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U.S., Russia Continue Talks; Agreement Close

By Linda D. Kozaryn
American Forces Press Service

HELSINKI, Finland, June 18, 1999 – U.S. and Russian defense officials here agreed to work through the night and into a third day to reach an agreement on Russia's role in Kosovo.

"We are continuing to work out serious details," Defense Secretary William S. Cohen told reporters June 17. "We have made great progress and have solved a lot of outstanding issues, but we have not finalized an agreement."

Cohen arrived here June 16 to meet with Russian Defense Minister Marshal Igor Sergeyev regarding Russia's contribution to the NATO-led peace mission in Kosovo. At midnight, seven hours after the meeting began, Cohen reported that the first day's talks had given U.S. and Russian officials a better understanding of each other's positions on various issues.

Talks resumed at the Finnish presidential palace the next morning at about 11 a.m. and again continued into the night. The Russians responded to a detailed U.S. proposal, and U.S. officials then offered their own counterproposal. A short while later, Sergeyev announced the Russian team would stay another day.

At about 11 p.m., in the late light of this northern capital's long summer days, Cohen and Sergeyev appeared side-by-side on the steps of the palace. "We are making good progress," Cohen announced, "and contrary to reports, there have been no breakdowns in our negotiations."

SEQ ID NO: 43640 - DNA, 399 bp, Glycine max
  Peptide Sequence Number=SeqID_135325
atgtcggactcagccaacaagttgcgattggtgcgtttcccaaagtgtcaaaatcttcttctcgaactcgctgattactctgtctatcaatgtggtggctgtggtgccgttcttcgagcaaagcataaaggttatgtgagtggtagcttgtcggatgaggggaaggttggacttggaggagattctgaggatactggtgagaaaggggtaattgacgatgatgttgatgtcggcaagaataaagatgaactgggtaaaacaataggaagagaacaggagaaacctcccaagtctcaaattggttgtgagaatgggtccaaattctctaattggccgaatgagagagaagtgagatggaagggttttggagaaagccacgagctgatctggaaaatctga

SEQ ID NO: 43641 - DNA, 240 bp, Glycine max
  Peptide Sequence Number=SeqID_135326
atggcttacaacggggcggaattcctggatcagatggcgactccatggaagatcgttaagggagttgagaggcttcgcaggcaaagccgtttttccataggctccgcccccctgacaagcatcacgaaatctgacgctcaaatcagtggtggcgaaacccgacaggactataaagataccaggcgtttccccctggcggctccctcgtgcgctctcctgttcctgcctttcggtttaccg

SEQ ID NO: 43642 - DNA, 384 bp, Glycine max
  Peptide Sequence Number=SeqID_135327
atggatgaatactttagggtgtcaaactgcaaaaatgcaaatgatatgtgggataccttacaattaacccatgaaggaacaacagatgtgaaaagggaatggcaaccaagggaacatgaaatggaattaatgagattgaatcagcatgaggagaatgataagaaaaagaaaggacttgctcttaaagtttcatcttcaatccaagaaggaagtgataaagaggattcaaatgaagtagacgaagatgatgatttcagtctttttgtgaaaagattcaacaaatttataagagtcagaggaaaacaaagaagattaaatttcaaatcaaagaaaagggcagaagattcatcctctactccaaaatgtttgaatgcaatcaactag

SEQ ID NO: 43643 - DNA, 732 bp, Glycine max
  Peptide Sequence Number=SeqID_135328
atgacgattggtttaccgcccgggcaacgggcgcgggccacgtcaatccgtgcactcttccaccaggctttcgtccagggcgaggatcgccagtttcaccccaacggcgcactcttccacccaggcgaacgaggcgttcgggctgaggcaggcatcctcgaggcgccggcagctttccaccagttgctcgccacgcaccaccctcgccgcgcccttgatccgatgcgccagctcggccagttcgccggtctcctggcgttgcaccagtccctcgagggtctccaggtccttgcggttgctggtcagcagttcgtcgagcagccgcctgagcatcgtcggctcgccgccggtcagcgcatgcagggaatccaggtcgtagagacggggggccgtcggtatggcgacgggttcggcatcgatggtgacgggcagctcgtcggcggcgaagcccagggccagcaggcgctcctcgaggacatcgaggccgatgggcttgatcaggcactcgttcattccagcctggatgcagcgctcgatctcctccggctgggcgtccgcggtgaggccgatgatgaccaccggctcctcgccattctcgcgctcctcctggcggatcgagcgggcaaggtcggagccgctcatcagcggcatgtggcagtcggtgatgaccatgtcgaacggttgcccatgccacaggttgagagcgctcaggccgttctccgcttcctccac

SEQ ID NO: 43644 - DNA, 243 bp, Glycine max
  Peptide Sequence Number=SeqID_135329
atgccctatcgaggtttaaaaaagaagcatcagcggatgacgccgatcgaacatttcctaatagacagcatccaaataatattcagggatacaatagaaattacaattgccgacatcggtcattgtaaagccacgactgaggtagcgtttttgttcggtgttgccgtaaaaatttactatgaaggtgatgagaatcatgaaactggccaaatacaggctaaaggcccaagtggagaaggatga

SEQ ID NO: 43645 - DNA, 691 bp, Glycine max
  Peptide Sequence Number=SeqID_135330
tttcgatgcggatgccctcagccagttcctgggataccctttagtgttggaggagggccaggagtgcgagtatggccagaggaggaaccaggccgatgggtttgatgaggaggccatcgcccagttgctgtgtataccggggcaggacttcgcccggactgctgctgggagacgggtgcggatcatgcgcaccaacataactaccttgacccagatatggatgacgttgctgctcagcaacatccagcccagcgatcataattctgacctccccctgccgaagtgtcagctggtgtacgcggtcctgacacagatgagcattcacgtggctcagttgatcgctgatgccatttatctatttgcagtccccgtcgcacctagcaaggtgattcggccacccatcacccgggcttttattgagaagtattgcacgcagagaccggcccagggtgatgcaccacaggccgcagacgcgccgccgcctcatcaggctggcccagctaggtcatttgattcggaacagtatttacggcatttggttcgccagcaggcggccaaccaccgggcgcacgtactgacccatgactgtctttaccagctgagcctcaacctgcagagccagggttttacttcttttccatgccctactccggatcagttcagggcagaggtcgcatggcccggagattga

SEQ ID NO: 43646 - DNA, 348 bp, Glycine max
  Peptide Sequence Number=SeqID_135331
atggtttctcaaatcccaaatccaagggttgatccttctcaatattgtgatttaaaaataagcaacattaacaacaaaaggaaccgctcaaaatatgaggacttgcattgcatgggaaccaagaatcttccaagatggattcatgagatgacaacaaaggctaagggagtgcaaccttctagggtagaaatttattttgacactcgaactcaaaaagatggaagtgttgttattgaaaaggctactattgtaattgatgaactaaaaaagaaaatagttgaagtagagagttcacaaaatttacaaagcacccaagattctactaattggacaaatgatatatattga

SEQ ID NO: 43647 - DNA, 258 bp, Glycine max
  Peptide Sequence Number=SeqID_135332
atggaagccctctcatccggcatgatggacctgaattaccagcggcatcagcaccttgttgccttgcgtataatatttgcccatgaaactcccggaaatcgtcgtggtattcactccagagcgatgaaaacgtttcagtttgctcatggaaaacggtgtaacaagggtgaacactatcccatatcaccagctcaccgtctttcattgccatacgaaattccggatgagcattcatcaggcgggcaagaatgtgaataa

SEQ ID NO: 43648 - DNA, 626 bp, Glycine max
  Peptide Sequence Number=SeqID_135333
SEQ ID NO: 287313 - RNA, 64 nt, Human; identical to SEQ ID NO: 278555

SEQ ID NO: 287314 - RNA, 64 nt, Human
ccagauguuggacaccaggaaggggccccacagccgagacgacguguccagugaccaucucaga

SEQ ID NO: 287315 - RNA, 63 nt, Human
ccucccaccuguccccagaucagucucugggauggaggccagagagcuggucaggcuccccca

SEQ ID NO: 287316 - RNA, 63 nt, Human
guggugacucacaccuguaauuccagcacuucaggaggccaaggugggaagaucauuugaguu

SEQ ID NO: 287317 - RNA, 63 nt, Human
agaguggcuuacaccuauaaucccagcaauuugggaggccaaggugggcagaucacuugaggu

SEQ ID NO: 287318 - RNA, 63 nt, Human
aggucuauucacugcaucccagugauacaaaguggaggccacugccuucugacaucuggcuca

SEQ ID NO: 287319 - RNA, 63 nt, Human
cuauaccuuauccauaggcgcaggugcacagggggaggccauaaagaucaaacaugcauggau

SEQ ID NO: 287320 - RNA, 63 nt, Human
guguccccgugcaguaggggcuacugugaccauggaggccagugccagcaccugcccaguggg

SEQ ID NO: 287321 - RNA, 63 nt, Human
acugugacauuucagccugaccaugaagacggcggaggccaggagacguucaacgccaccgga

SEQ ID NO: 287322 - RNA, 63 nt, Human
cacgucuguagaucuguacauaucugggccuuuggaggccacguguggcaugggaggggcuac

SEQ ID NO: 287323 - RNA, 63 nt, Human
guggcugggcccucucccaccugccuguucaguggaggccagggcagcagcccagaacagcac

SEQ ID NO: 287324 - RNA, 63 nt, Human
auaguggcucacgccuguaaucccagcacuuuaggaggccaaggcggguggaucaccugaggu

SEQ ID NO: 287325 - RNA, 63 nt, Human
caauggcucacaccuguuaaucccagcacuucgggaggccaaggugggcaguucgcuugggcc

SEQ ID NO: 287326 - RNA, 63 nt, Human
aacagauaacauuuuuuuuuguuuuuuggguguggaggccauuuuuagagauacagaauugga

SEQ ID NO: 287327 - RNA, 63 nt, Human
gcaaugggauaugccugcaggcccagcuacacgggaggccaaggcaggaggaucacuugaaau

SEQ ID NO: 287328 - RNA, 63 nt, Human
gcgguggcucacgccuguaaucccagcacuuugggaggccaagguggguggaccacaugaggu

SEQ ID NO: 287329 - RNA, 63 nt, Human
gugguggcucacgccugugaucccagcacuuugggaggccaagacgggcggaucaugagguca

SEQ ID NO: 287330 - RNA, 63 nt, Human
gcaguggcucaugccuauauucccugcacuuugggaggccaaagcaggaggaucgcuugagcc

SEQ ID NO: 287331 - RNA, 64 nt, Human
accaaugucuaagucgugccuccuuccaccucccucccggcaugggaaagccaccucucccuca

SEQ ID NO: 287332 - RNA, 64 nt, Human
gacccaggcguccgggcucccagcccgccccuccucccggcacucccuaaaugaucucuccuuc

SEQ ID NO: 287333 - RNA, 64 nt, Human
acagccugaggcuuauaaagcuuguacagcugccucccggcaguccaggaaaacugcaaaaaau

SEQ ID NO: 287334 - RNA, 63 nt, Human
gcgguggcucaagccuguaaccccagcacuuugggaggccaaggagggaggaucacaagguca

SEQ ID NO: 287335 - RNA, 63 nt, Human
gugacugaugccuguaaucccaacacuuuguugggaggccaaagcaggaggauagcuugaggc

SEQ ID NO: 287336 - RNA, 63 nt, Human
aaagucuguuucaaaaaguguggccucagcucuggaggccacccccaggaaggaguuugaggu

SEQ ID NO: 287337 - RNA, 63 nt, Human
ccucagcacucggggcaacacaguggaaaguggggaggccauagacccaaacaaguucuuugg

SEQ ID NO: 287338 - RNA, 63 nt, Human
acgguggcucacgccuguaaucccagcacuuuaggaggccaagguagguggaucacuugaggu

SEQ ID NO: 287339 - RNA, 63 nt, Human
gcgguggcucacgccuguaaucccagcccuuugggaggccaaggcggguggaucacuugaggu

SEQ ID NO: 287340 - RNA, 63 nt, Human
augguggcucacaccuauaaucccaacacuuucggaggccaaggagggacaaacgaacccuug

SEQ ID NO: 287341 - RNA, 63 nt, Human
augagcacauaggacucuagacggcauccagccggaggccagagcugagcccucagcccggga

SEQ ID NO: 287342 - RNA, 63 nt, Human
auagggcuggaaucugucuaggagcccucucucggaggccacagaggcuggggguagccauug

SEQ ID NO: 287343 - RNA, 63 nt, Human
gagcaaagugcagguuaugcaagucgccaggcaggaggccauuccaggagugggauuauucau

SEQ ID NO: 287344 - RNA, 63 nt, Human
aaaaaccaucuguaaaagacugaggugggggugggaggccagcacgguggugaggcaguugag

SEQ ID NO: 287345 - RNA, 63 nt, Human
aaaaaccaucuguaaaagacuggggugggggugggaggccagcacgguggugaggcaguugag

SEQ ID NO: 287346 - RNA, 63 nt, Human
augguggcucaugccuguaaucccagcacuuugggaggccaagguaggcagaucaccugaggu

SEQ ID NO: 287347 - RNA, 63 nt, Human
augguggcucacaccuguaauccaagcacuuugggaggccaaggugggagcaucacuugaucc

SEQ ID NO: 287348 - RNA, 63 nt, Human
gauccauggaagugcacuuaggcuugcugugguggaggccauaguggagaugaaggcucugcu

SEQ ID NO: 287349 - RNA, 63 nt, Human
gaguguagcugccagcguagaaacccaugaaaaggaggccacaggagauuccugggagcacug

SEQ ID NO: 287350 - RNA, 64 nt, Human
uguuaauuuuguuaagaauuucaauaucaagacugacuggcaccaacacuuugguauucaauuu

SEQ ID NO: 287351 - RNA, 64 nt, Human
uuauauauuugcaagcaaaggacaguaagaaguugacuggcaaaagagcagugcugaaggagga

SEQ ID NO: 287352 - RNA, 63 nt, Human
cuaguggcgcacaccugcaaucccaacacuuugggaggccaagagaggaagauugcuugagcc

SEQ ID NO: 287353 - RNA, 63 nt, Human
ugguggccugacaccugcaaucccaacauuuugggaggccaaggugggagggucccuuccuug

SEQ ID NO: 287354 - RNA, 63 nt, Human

Earlier in the evening, some news media reported the Russians had walked out. Through an interpreter, Sergeyev said his delegation had indeed parted the table, but only for an hour and with the intention of returning to continue work. In fact, he said, there had been "some acceleration in the work" and he shared Cohen's optimism about reaching an agreement.

Both sides aimed to prepare well-coordinated proposals to give to their presidents, Sergeyev added. Pressed for details, he begged off: "Give us a chance to work overnight, and we shall satisfy all your requests and demands."

Cohen said the U.S. and Russian teams were working together to resolve differences regarding areas of operation and responsibilities. "We are dealing with very serious, substantive issues," the secretary said. "It's important that we get it right and that we deal with the details before arriving at any final judgment."

He said he hoped to resolve details and reach an agreement that would satisfy the United States, Russia and, ultimately, NATO, which has the final say. Cohen was consulting extensively with the allies throughout the day, Pentagon spokesman Ken Bacon noted.

"This is not a U.S.-Russian effort," Bacon stressed. "We have done everything in the framework of the alliance. We are close."

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